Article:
Character + Honor Code FAQ
Yes. Cadets are instructed during BCT that they must agree to live by the Honor Code if they want to enter the cadet wing. The Honor Code, which defines a minimum standard for the cadet wing, serves as a basis upon which each cadet can build a personal code of ethical behavior. The Honor Code states: “We will not lie, steal or cheat, nor tolerate among us anyone who does.” The Honor Code was adopted as an institutional standard by the Academy’s first cadet class in 1956, and since its acceptance, the cadet wing has exercised guardianship over it. The Academy has established a Cadet Honor Committee to help maintain high ethical standards within the wing and extend the ideals of the Honor Code.
The Honor Code clearly states that cadets will not tolerate a violation of the code by another cadet. Experience with the code has proven that this is the strong point in maintaining its effectiveness. The Academy’s major honor problems have grown out of minor ones. Isolated individual honor violations were tolerated by other cadets, and this encouraged the spread of more honor violations within the cadet wing. The necessity for intolerance of such violations becomes even clearer when one considers the purpose of our training – to produce officers who will responsibly serve their country rather than their personal interests. The non-toleration clause represents the spirit within the cadet wing to hold its standards high and to protect them. A cadet who suspects or knows of an Honor Code violation is first encouraged to speak with the suspected cadet. However, if the cadet has difficulty in coping with the situation, the person is encouraged to talk with a cadet honor representative.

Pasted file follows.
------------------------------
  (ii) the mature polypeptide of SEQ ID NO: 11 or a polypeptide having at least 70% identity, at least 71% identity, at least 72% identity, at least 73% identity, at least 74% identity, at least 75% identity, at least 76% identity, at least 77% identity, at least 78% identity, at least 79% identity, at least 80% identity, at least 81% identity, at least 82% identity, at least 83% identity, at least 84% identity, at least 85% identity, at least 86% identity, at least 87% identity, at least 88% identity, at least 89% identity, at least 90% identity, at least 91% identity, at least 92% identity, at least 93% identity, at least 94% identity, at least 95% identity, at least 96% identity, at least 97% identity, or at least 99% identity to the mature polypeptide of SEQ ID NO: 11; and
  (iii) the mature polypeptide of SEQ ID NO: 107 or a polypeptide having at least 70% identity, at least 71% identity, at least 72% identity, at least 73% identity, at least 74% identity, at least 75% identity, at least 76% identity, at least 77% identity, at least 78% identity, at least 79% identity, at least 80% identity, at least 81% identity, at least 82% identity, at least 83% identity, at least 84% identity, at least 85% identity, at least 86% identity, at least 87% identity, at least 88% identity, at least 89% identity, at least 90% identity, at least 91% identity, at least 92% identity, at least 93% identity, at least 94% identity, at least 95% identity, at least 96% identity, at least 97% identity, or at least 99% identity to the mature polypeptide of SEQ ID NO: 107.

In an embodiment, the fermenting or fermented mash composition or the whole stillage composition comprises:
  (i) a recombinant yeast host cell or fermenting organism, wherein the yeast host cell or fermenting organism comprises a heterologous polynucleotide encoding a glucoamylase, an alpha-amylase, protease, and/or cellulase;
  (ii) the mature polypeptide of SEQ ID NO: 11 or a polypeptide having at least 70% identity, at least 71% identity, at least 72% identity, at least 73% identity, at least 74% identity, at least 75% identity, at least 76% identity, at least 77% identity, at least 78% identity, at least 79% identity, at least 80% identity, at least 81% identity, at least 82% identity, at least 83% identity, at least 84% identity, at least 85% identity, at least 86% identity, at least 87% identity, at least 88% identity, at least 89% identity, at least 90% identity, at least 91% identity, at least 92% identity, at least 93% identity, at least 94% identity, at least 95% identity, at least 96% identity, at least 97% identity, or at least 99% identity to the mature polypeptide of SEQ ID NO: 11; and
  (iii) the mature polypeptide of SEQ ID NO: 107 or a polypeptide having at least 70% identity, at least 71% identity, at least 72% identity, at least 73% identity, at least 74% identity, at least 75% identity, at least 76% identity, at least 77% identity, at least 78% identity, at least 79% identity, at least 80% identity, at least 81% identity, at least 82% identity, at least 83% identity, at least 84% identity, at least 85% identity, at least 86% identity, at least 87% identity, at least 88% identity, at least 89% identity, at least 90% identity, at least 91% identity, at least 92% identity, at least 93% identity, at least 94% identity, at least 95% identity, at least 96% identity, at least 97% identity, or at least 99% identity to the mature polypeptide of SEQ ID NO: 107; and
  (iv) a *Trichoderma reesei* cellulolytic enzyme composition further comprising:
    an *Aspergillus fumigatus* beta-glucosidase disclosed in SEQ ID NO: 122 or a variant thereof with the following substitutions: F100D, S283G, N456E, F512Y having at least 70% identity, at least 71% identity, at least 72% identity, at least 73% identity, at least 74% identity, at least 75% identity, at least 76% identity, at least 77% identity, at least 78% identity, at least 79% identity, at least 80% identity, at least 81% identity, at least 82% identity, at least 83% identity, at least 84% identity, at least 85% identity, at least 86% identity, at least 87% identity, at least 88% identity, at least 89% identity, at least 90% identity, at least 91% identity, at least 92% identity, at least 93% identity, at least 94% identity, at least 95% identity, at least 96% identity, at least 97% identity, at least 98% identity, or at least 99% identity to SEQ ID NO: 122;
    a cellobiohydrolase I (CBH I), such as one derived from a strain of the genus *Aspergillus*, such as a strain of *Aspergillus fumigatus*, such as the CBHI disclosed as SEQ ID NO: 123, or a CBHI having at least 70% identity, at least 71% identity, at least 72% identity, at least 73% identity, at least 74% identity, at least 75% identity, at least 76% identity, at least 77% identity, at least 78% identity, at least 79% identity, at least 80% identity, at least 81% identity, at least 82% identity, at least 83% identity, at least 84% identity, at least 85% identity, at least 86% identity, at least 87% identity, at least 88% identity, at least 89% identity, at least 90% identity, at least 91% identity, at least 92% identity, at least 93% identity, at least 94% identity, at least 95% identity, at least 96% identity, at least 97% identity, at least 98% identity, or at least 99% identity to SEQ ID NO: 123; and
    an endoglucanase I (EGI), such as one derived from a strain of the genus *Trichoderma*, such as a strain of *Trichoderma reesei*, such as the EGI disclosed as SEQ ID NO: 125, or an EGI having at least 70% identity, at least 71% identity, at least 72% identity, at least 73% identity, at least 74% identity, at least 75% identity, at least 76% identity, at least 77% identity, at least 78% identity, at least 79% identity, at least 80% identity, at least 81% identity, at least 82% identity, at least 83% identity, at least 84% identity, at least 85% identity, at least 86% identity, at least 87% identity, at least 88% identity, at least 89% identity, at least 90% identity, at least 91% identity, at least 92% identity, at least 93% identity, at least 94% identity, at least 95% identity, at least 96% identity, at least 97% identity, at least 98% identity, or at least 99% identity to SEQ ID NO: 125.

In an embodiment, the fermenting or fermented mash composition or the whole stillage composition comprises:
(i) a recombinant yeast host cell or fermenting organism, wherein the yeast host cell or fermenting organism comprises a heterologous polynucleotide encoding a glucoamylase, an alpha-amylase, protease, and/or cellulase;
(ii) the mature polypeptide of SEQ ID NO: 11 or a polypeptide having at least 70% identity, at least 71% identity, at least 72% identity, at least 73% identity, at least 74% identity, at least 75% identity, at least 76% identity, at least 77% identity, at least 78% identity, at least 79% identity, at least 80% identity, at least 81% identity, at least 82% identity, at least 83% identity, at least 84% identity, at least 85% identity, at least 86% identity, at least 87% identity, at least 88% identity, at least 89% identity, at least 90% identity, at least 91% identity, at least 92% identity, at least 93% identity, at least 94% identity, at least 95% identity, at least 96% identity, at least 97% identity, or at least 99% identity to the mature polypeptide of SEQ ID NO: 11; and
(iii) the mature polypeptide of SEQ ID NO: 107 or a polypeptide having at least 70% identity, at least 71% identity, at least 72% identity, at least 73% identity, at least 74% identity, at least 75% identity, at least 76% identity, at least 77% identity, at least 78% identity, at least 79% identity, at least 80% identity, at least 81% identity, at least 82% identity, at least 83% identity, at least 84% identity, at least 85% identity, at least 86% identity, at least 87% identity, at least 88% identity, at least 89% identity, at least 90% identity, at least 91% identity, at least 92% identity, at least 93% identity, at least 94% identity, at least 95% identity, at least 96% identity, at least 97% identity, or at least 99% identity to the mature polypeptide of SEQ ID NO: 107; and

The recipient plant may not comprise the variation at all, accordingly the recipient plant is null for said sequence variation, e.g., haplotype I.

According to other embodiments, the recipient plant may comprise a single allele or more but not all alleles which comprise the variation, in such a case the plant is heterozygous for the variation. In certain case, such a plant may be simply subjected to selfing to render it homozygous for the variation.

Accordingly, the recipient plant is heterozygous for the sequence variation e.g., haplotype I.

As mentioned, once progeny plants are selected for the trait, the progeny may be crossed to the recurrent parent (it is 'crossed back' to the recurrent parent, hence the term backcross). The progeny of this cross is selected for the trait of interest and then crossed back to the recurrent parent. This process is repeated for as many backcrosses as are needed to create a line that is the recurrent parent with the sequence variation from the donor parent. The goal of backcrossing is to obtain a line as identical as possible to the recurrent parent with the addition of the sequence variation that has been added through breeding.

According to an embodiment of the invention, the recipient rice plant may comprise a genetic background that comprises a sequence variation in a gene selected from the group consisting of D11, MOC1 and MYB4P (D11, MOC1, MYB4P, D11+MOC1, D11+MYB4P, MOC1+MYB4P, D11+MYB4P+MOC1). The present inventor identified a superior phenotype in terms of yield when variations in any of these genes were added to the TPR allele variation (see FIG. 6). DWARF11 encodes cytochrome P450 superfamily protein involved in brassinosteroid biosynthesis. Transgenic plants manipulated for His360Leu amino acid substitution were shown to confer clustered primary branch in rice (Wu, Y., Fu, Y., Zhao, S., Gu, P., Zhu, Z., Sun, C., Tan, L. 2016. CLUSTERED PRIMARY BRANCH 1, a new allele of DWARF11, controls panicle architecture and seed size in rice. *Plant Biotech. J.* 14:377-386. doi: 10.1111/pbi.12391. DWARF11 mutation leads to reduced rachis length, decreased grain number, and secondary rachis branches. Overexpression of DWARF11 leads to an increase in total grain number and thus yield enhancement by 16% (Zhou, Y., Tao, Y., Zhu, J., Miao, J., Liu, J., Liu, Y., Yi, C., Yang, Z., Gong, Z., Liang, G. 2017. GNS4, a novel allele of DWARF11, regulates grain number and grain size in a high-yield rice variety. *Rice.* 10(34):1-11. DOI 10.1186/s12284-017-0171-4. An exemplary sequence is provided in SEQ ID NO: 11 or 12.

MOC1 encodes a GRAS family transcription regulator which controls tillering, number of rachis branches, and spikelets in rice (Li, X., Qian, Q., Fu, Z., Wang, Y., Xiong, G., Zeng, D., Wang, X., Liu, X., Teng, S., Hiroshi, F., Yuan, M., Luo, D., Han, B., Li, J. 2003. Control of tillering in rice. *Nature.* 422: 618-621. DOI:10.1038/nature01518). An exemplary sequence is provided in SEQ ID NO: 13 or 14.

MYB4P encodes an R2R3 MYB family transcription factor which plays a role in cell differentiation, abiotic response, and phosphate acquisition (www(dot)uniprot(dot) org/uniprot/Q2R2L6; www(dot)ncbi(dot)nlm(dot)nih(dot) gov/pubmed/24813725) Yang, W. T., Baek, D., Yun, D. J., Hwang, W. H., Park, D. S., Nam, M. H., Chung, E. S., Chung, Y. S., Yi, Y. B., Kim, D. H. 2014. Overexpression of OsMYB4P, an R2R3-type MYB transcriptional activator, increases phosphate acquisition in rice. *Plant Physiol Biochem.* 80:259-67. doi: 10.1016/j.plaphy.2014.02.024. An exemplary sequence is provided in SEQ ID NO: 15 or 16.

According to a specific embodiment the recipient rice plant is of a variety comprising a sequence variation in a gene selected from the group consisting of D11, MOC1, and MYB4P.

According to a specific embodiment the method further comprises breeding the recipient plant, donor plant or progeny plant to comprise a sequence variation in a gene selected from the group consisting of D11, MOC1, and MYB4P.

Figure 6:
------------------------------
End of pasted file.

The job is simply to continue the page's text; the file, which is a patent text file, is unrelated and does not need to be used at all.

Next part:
The administration of the Honor Code is accomplished by a joint effort between cadets and Academy officers. Each possible Honor Code violation is thoroughly investigated on the premise that the accused cadet is honorable until a sufficient amount of reasonable evidence shows otherwise. The primary sanction for a Wing Honor Board violation is disenrollment from the Academy. Some cadets, however, are retained on probationary status. The main concern in the administration of the code is that fairness and equity be maintained while teaching the importance of personal responsibility and that the rights of the cadets are fully protected during this process. Cadets are taught the specifics of the administration of the Honor Code during BCT and throughout their Academy experience.
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